She was an astrologer too, but I didn’t hold that against her. For me, at that time, astrology was, like for most people, a silly pastime that you read in the newspaper, whereby for example, a twelfth of the population will meet a tall handsome stranger on Wednesday night.

So I met up with Jane. She calculated my proper natal chart and began to interpret it for me. I almost fell off my seat with the precision and accuracy in the way she described my personality. I immediately understood that what appeared in the newspapers was a parody of this discipline, and I knew that if this applied to the psychological side, it would apply to the physiology and pathology of the body too, as there is no separation between mind and body.

We became friends, and I started learning astrology. She was writing a book on medical astrology at the time, and I became her unofficial advisor, reading each chapter and playing devils’ advocate with arguments from the conventional perspective, in order to strengthen both our understandings of the subject.

Taking on board the concept that the planetary positions at the time of your birth will describe the NATURE of the subsequent life experiences at emotional and physical levels was utterly mind-blowing for me. It threw into question my understanding on how things work.

There is as yet no satisfactory mechanism to help us understand HOW Astrology works, but this is not a valid argument not to use it. The same argument applies to homeopathy. My rationalisation of the facts is based on synchronicity. Perhaps the planets don’t DO anything, but their movements are is some way synchronous with events on earth, like some gigantic cosmic clock.

Accepting that this may be the case, then brings forth the perennial question of free will versus fate. I have no intention of resolving this perennial conundrum in one sentence, except to say that what tools you have available perhaps was set at birth, but how you choose to use these tools is a decision that you make each and every day.

The chart is a blue-print, unique to each individual, showing the positions of the planets of our solar system (including Sun and Moon, which although not planets, are considered together with the rest) for the exact moment of your first breath.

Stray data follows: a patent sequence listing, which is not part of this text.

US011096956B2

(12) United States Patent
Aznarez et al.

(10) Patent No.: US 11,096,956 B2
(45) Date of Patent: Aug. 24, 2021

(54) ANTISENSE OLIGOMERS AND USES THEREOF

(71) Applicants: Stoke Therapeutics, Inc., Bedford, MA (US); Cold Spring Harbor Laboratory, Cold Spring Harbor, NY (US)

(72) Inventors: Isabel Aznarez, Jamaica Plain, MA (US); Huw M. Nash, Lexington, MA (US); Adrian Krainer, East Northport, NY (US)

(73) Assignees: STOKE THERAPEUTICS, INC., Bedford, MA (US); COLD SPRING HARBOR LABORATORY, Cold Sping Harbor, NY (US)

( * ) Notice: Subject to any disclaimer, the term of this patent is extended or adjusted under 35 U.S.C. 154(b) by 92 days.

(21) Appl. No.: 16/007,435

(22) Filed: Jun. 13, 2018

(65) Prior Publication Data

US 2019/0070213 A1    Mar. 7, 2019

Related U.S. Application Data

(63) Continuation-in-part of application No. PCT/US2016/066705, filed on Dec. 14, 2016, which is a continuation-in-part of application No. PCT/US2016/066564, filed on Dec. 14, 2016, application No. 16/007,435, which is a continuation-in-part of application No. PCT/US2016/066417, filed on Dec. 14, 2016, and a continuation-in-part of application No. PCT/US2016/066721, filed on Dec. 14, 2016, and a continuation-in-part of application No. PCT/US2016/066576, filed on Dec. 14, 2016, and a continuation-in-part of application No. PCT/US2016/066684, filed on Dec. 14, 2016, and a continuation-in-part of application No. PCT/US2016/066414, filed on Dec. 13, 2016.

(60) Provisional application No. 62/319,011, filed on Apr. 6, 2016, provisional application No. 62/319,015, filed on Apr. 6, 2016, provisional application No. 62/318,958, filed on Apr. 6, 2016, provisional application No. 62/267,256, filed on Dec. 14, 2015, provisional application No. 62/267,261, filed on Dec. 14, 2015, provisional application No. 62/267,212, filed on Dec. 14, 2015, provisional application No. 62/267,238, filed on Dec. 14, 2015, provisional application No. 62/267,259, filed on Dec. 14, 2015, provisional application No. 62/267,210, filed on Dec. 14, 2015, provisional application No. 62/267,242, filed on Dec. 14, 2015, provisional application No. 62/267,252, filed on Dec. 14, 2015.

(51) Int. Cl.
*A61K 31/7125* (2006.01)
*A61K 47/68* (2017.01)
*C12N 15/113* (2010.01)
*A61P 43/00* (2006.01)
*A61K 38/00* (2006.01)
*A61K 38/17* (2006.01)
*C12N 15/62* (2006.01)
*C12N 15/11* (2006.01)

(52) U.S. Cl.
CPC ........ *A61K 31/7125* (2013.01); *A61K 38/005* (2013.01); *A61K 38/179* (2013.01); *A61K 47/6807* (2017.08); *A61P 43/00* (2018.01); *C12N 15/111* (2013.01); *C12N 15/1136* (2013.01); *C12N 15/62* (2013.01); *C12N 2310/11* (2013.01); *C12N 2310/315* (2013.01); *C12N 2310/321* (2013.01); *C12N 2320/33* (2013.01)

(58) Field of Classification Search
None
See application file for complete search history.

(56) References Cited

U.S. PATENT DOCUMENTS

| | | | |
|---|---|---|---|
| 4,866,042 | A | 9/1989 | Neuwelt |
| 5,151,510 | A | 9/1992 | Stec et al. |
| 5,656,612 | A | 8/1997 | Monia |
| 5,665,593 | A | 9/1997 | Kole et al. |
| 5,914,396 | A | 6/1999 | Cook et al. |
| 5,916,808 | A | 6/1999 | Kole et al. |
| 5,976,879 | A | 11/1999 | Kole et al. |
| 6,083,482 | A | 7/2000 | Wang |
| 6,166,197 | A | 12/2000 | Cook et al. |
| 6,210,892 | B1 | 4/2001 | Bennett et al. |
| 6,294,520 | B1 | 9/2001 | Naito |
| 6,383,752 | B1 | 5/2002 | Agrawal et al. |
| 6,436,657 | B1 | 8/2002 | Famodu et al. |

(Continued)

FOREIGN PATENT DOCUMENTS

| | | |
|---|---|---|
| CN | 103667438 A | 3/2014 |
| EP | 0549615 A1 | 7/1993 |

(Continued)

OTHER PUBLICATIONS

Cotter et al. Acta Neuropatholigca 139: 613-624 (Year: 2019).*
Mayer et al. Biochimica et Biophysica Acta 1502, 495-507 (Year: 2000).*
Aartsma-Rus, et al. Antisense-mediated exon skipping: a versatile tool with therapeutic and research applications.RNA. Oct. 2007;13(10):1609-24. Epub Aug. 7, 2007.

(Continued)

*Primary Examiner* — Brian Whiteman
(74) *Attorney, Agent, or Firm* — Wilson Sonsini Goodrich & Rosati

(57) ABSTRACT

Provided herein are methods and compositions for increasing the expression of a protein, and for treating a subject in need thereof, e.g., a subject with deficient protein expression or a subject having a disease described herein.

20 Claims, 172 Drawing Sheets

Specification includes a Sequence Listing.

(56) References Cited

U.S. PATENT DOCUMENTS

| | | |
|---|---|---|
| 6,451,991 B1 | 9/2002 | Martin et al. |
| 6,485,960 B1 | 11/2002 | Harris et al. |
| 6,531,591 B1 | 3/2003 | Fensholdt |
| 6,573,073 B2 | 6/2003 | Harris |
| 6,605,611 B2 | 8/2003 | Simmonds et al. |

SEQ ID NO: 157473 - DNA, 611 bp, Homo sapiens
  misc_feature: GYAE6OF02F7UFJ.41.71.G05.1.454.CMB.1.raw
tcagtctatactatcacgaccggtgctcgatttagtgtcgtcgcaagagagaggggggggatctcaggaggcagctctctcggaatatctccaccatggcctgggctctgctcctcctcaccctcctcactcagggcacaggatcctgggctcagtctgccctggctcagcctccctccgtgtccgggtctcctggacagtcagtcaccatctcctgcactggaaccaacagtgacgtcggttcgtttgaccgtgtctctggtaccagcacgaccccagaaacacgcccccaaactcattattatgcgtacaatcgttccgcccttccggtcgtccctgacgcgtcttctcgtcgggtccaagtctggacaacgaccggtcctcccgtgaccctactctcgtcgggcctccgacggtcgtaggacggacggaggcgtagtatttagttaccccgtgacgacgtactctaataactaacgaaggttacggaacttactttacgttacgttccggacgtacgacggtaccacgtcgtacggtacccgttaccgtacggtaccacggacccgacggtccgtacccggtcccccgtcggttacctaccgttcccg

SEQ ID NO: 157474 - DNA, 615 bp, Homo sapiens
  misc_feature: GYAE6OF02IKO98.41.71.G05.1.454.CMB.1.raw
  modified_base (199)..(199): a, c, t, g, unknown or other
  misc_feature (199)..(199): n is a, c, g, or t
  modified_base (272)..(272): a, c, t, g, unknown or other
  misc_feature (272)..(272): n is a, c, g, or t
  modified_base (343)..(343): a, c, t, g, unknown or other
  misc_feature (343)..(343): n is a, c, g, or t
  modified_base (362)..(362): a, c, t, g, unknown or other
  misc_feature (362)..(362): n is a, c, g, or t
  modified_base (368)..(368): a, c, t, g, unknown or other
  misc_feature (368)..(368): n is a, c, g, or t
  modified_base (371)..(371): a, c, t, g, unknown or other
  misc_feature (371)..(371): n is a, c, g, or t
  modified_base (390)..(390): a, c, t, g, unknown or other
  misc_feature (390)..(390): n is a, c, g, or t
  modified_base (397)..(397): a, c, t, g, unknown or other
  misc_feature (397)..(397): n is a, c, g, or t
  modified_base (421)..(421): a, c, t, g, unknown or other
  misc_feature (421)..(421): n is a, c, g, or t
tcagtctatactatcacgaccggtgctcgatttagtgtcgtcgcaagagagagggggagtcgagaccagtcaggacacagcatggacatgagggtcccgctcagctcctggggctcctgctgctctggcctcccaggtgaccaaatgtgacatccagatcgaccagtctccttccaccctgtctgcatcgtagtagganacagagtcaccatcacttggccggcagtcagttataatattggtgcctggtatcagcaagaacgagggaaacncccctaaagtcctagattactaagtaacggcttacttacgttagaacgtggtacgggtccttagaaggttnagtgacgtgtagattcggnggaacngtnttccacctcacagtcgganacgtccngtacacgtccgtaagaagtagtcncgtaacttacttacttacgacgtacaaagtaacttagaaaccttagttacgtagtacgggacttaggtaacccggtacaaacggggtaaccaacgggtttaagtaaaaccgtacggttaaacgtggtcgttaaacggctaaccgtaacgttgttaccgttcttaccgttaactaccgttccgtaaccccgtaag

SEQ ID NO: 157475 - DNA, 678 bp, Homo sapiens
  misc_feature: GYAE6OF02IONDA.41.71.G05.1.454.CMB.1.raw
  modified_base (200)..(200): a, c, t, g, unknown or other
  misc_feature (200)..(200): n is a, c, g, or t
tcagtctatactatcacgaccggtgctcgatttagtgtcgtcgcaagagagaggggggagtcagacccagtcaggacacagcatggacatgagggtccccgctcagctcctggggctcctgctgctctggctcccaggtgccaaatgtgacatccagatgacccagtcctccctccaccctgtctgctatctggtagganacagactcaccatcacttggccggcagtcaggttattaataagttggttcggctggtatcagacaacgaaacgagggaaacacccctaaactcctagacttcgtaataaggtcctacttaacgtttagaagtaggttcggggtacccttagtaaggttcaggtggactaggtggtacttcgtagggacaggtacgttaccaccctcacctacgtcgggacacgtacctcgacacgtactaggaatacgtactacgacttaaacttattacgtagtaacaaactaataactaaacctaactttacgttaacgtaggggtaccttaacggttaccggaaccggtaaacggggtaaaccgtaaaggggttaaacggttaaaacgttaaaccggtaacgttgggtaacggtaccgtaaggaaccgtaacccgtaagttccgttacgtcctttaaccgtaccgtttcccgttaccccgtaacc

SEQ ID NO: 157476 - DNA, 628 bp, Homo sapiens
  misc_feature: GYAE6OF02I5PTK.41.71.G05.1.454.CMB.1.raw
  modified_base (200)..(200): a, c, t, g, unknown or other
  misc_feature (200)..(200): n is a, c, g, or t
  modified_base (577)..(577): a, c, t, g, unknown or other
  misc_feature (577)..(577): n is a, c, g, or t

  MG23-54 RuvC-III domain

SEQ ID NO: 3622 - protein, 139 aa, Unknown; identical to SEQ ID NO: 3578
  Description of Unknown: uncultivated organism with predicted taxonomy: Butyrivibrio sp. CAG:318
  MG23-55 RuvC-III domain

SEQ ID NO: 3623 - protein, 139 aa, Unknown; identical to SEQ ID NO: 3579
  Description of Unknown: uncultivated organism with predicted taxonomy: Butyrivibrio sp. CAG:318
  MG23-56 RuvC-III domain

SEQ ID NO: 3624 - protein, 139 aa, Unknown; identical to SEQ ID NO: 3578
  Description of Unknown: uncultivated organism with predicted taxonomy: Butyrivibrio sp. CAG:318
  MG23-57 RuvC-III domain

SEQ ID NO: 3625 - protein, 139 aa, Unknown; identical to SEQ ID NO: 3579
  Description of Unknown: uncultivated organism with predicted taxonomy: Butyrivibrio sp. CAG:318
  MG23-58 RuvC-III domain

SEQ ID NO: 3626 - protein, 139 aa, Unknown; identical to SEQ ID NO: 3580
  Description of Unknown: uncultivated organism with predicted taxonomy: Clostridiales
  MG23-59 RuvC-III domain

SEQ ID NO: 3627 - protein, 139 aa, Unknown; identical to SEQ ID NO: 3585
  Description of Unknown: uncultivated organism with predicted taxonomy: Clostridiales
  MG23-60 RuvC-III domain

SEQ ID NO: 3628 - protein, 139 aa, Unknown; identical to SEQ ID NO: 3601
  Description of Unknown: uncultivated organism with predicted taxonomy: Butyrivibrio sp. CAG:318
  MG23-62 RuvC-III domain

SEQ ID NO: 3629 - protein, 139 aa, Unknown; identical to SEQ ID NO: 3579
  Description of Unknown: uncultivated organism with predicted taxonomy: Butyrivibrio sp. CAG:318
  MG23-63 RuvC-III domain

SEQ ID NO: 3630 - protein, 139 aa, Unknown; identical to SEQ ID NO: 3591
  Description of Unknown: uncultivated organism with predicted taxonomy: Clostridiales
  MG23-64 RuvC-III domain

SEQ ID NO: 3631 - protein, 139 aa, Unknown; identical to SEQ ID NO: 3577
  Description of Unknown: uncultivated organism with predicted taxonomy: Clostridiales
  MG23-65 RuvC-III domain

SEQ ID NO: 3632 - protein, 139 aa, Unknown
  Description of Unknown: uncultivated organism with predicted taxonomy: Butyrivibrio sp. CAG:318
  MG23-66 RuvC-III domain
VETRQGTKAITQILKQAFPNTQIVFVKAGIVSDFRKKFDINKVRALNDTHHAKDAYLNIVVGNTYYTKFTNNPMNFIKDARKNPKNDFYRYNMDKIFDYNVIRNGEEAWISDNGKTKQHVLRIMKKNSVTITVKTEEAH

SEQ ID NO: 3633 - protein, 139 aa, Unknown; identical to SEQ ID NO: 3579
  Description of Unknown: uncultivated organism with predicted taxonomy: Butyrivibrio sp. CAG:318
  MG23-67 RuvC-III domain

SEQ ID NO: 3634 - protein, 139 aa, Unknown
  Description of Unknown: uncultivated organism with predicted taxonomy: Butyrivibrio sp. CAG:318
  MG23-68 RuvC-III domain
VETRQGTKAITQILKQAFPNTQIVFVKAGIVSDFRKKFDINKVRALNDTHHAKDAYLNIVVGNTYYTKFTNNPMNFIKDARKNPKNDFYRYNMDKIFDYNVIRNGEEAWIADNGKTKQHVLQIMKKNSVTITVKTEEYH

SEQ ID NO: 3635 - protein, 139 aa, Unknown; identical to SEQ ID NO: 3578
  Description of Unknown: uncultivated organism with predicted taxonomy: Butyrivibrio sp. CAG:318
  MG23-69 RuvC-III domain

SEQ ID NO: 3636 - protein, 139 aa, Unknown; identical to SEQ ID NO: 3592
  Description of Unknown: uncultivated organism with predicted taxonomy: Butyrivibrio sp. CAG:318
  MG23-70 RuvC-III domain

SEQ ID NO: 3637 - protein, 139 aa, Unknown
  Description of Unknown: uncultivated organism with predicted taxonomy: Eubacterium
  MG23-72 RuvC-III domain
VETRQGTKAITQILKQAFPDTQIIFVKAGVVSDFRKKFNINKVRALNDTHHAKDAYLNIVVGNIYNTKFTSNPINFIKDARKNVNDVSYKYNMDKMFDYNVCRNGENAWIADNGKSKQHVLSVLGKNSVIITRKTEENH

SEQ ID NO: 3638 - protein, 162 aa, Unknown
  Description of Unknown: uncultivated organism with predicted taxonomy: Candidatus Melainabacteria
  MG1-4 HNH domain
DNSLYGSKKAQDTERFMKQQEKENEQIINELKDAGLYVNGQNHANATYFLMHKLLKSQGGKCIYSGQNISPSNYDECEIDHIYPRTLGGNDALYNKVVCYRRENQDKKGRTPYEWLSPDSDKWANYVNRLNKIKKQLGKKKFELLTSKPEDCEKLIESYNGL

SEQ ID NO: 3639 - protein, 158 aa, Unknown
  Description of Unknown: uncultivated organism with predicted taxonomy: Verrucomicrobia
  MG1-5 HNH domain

The practical implications are mind-blowing. The Sun is widely accepted as giving an indication of the level of vitality or vigour of the person, ie. it translates as the quality of “the vital force”. The Moon has to do with emotions, fluids, and monthly cycles. Just like the Sun defines the quality of the vital force, the Moon defines the flow of the vital force.

Let me give you an example. The effect of a hampered Sun can be seen clearly in cases of myalgic encephalomyelitis/chronic fatigue/post-viral fatigue syndrome. I almost always find hard aspects between the Sun and Neptune in the charts of patients who have a florid case of this condition.

One of the negative effects of Neptune is to dissipate the vigour of the Sun. There is a leakage in vitality, which results in the person being easily drained of energy. This type of person tends to have a lack of boundaries. The boundaries become porous both ways. This means that on the one hand the universe floods into them, and they become oversensitive, losing energy by over-identifying with the problems of others.

On the other hand, they flood outwards, and are prone to over-extend, often due to a lack of clarity about their own limitations, and are compelled to do things for others which are not in their best interest, out of a feeling of guilt, idealism or self-sacrifice. This describes the classic Carcinosin picture, as many readers will recognise, which also happens to be a very useful remedy for the condition.

Try it for yourself. Grab the date of birth of a patient with severe CFS. Nowadays it is easy to calculate a basic chart online. You don’t even have to have an accurate time of birth for looking at this specific aspect – the date of birth will do (it won’t be the complete chart because the time of birth and location are necessary to set up an accurate chart).

Look to see if there is a hard aspect (an angular relationship, typically 0, 45, 90, 150 or 180 degrees) between Sun and Neptune. There usually is. I would hazard a guess that it would be statistically significant too, if anyone had the inclination and time to run the study with controls.